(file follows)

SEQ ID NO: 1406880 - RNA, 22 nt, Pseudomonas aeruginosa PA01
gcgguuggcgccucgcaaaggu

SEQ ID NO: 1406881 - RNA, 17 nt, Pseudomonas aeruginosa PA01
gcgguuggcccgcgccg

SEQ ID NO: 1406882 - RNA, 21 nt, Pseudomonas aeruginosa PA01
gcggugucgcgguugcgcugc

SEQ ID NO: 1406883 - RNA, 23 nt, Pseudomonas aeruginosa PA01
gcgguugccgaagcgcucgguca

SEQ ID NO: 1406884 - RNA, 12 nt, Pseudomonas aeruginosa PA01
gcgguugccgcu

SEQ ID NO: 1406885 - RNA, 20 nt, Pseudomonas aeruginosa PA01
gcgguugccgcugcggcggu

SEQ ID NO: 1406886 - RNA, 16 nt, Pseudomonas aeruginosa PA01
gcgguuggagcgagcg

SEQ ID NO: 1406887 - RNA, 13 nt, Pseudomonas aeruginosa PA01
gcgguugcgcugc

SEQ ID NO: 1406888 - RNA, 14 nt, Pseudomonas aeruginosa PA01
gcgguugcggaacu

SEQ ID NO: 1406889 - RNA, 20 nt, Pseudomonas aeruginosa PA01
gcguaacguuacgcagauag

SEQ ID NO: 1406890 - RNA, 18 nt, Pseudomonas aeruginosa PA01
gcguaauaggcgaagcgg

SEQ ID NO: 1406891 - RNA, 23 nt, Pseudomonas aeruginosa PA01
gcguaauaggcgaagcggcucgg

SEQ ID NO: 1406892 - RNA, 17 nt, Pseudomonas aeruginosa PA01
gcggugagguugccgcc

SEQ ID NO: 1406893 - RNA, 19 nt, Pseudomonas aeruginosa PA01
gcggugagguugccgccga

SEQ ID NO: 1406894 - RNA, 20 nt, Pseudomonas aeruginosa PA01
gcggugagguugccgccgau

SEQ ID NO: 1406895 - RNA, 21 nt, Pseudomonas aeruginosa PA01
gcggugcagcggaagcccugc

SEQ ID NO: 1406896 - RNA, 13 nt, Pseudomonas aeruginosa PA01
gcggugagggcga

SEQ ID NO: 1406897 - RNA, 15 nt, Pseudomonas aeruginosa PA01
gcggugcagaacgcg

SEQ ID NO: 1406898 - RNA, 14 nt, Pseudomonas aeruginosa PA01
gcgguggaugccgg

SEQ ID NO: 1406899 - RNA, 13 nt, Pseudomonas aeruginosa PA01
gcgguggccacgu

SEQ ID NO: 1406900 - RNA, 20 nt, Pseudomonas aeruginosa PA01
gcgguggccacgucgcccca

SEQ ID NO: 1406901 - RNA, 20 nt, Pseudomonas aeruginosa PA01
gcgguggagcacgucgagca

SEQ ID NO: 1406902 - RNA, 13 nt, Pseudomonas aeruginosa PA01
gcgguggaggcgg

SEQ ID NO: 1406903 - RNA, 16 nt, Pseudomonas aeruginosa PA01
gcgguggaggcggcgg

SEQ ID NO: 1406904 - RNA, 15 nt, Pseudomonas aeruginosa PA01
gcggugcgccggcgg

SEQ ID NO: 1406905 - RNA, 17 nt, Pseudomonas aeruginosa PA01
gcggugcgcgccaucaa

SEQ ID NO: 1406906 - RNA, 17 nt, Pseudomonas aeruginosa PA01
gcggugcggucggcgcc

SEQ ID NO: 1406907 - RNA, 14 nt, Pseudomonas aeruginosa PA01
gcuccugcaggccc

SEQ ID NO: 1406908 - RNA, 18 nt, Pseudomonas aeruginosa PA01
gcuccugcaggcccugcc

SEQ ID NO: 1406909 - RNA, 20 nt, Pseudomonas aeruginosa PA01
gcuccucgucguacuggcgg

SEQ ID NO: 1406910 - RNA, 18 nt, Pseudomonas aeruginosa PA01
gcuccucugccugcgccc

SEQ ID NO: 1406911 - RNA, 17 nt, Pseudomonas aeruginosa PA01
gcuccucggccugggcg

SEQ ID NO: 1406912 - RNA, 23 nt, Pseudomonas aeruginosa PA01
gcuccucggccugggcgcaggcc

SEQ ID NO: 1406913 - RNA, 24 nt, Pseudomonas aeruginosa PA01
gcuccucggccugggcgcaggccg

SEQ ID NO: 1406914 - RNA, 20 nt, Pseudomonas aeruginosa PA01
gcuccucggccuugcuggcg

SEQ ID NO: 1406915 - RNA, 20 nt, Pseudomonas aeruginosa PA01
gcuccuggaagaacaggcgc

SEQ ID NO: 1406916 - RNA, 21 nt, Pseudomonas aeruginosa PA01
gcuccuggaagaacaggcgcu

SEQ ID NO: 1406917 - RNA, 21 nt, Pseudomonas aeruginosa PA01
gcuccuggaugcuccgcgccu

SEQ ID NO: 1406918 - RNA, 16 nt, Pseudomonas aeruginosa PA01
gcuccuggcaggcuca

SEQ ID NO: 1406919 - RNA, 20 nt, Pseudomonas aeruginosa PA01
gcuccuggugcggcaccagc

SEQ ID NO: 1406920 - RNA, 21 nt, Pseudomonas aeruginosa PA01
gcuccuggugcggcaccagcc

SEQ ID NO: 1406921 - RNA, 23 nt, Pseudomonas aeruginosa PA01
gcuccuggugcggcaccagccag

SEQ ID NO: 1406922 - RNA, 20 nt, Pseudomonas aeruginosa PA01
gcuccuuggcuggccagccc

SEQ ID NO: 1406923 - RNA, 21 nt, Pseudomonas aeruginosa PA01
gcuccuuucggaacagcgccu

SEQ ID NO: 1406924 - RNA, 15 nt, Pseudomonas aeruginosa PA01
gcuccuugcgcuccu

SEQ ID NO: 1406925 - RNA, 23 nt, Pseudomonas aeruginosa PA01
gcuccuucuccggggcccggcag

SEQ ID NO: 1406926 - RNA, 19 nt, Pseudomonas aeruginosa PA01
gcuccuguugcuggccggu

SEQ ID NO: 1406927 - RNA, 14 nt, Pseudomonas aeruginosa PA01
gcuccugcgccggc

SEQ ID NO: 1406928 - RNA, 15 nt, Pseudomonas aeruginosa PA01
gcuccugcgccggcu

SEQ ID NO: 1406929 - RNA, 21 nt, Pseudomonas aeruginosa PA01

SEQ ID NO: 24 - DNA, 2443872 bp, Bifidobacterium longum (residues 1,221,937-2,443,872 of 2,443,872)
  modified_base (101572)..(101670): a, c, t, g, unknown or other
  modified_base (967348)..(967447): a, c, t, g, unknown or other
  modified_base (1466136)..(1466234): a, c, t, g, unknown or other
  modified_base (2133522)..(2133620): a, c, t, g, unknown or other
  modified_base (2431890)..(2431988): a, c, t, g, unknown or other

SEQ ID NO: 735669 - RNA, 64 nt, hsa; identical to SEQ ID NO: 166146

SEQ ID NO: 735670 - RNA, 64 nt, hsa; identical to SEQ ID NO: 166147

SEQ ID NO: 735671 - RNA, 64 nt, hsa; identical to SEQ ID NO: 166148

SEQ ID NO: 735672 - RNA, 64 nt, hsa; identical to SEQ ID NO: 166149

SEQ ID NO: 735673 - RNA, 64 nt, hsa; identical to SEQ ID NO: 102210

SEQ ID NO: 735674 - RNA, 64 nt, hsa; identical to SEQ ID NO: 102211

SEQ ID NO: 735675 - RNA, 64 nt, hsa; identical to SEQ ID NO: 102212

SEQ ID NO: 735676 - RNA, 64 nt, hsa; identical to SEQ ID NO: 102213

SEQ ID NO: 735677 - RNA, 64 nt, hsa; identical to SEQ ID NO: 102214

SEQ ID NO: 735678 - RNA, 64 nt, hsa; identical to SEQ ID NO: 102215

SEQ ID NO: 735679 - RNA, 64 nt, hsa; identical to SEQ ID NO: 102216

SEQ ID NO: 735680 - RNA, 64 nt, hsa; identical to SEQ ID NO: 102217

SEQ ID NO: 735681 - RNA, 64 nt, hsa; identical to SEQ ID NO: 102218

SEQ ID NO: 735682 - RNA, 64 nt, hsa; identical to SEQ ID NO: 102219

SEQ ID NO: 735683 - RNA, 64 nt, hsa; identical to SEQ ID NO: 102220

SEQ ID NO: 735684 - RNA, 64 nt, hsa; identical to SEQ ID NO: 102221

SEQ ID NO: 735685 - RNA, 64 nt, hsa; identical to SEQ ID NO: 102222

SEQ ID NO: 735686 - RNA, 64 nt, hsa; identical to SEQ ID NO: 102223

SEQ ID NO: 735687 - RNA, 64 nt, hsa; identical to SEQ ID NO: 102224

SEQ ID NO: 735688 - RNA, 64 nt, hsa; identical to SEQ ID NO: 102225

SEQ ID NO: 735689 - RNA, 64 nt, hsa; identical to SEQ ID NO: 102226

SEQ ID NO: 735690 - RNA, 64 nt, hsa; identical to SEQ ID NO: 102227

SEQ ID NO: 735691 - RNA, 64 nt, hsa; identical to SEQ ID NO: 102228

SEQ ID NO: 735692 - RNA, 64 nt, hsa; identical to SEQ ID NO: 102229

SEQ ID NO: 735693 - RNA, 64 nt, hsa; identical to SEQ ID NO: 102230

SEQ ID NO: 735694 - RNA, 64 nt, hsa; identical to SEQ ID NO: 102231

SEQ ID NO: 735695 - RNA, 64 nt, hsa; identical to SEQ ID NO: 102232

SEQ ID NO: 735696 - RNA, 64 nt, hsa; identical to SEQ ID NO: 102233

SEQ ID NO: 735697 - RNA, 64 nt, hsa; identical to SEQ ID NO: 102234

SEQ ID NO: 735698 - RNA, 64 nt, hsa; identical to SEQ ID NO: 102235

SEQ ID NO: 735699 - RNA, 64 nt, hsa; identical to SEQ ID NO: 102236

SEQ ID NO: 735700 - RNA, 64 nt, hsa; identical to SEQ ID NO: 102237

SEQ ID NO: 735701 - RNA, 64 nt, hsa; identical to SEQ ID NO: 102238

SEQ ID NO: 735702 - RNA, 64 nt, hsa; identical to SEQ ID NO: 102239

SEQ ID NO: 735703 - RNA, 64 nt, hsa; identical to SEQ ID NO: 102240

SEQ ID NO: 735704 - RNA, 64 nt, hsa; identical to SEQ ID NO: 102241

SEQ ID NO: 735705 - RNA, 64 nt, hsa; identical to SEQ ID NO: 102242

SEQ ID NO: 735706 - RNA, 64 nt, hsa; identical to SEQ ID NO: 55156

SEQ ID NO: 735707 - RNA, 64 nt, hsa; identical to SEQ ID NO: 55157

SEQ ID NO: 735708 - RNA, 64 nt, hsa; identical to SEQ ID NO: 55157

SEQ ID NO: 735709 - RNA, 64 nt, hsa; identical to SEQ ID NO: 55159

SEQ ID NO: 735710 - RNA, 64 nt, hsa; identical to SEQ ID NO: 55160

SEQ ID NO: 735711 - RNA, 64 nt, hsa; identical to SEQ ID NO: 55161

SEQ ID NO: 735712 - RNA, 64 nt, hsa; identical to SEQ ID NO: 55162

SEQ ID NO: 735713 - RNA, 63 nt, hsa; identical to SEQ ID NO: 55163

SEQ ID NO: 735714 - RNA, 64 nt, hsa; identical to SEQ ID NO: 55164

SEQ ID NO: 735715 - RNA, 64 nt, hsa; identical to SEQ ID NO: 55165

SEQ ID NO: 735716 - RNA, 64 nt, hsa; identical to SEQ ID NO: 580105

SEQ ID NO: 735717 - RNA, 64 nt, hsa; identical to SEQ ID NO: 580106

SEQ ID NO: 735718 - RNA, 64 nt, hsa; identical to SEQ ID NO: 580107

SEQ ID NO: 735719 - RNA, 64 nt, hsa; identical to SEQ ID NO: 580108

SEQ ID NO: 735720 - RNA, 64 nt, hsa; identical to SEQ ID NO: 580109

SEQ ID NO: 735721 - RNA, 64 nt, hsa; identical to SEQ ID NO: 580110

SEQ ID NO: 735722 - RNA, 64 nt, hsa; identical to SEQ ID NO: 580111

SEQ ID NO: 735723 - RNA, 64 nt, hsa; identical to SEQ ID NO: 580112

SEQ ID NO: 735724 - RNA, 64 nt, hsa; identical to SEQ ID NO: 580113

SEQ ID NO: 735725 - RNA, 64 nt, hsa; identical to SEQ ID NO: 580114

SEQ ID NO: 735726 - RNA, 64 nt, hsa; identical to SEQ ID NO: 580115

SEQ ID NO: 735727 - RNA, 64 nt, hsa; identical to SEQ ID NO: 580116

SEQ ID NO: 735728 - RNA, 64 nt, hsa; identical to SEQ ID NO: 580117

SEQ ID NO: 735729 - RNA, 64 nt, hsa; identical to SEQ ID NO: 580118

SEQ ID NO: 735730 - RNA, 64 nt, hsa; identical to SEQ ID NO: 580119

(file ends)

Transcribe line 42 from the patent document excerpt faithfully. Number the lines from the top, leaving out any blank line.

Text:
gcgguggccacgucgcccca